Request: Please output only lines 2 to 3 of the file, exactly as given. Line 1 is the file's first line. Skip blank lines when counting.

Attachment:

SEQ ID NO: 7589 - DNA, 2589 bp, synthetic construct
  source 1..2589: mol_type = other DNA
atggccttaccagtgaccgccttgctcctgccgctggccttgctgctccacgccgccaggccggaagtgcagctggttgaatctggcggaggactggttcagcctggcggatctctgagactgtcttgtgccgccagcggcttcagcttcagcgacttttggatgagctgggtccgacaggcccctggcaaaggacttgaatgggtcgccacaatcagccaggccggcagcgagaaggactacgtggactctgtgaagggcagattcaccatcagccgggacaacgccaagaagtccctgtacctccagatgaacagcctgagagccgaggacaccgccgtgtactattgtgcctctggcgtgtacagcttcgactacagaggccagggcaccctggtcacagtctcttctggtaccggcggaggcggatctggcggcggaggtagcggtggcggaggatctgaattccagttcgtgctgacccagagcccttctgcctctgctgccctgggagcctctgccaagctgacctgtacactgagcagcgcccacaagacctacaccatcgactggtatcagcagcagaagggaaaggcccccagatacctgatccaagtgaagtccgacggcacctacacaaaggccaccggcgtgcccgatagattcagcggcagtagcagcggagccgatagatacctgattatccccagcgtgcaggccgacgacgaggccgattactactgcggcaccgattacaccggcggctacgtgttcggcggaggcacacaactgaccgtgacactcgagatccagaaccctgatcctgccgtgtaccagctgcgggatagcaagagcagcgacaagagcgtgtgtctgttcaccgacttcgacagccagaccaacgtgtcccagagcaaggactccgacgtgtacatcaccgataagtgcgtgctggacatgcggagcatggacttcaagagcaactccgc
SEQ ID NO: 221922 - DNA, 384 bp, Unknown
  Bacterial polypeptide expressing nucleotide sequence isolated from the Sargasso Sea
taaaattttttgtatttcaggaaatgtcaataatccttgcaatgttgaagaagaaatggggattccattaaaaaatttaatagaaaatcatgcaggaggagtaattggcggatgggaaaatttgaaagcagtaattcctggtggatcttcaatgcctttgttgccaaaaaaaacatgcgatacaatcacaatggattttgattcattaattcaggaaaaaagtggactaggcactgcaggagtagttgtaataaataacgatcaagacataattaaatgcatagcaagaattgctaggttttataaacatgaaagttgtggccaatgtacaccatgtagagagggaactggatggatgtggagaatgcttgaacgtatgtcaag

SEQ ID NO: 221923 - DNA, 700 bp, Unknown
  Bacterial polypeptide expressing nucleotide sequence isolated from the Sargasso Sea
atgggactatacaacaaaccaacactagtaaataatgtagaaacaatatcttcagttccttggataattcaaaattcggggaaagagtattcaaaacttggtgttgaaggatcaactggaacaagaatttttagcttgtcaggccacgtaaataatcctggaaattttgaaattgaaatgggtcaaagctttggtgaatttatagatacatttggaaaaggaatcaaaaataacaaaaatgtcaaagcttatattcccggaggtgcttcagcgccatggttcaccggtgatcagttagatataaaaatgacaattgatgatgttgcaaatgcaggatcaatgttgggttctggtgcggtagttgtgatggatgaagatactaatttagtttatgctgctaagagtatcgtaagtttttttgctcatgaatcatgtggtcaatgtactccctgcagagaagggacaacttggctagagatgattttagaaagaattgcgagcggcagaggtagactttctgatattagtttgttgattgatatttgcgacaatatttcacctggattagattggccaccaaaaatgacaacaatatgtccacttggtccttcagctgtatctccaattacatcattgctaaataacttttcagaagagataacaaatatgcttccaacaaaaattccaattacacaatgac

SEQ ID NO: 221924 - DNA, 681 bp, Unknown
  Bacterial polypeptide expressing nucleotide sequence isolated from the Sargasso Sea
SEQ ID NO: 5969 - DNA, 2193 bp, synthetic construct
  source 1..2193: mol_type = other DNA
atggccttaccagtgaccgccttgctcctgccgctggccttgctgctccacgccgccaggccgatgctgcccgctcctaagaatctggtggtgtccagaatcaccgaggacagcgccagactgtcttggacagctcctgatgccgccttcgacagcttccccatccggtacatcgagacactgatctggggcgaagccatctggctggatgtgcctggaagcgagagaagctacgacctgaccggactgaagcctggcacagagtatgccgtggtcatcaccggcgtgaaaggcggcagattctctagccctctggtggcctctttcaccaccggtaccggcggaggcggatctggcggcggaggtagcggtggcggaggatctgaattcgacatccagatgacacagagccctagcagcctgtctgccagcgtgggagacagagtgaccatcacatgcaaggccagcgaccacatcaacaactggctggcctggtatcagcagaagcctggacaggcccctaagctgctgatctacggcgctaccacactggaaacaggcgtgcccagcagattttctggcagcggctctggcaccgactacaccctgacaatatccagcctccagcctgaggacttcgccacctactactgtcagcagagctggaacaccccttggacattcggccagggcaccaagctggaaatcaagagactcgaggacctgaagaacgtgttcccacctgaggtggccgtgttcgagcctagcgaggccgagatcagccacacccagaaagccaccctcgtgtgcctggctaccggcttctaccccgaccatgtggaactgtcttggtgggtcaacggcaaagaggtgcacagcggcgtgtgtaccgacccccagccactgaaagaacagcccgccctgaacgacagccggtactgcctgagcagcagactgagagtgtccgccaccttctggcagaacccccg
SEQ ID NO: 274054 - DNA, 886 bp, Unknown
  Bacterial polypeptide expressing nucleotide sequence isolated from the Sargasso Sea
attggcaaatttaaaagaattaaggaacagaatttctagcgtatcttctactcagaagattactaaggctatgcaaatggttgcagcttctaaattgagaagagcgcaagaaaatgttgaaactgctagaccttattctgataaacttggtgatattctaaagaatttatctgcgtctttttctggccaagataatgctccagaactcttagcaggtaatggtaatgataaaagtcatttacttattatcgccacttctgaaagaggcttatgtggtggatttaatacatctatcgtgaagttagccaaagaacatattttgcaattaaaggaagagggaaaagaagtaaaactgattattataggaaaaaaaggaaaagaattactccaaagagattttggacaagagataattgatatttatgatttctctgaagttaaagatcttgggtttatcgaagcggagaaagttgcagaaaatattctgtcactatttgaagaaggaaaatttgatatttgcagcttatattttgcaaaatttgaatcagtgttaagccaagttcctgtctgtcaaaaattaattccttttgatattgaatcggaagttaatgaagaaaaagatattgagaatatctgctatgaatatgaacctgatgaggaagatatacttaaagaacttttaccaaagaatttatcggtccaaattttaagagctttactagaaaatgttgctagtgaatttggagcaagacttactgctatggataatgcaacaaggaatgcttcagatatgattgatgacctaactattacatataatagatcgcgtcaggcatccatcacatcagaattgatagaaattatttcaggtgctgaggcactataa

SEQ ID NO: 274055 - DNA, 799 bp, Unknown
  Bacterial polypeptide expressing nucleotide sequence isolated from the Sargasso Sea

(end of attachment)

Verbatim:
  source 1..2589: mol_type = other DNA
atggccttaccagtgaccgccttgctcctgccgctggccttgctgctccacgccgccaggccggaagtgcagctggttgaatctggcggaggactggttcagcctggcggatctctgagactgtcttgtgccgccagcggcttcagcttcagcgacttttggatgagctgggtccgacaggcccctggcaaaggacttgaatgggtcgccacaatcagccaggccggcagcgagaaggactacgtggactctgtgaagggcagattcaccatcagccgggacaacgccaagaagtccctgtacctccagatgaacagcctgagagccgaggacaccgccgtgtactattgtgcctctggcgtgtacagcttcgactacagaggccagggcaccctggtcacagtctcttctggtaccggcggaggcggatctggcggcggaggtagcggtggcggaggatctgaattccagttcgtgctgacccagagcccttctgcctctgctgccctgggagcctctgccaagctgacctgtacactgagcagcgcccacaagacctacaccatcgactggtatcagcagcagaagggaaaggcccccagatacctgatccaagtgaagtccgacggcacctacacaaaggccaccggcgtgcccgatagattcagcggcagtagcagcggagccgatagatacctgattatccccagcgtgcaggccgacgacgaggccgattactactgcggcaccgattacaccggcggctacgtgttcggcggaggcacacaactgaccgtgacactcgagatccagaaccctgatcctgccgtgtaccagctgcgggatagcaagagcagcgacaagagcgtgtgtctgttcaccgacttcgacagccagaccaacgtgtcccagagcaaggactccgacgtgtacatcaccgataagtgcgtgctggacatgcggagcatggacttcaagagcaactccgc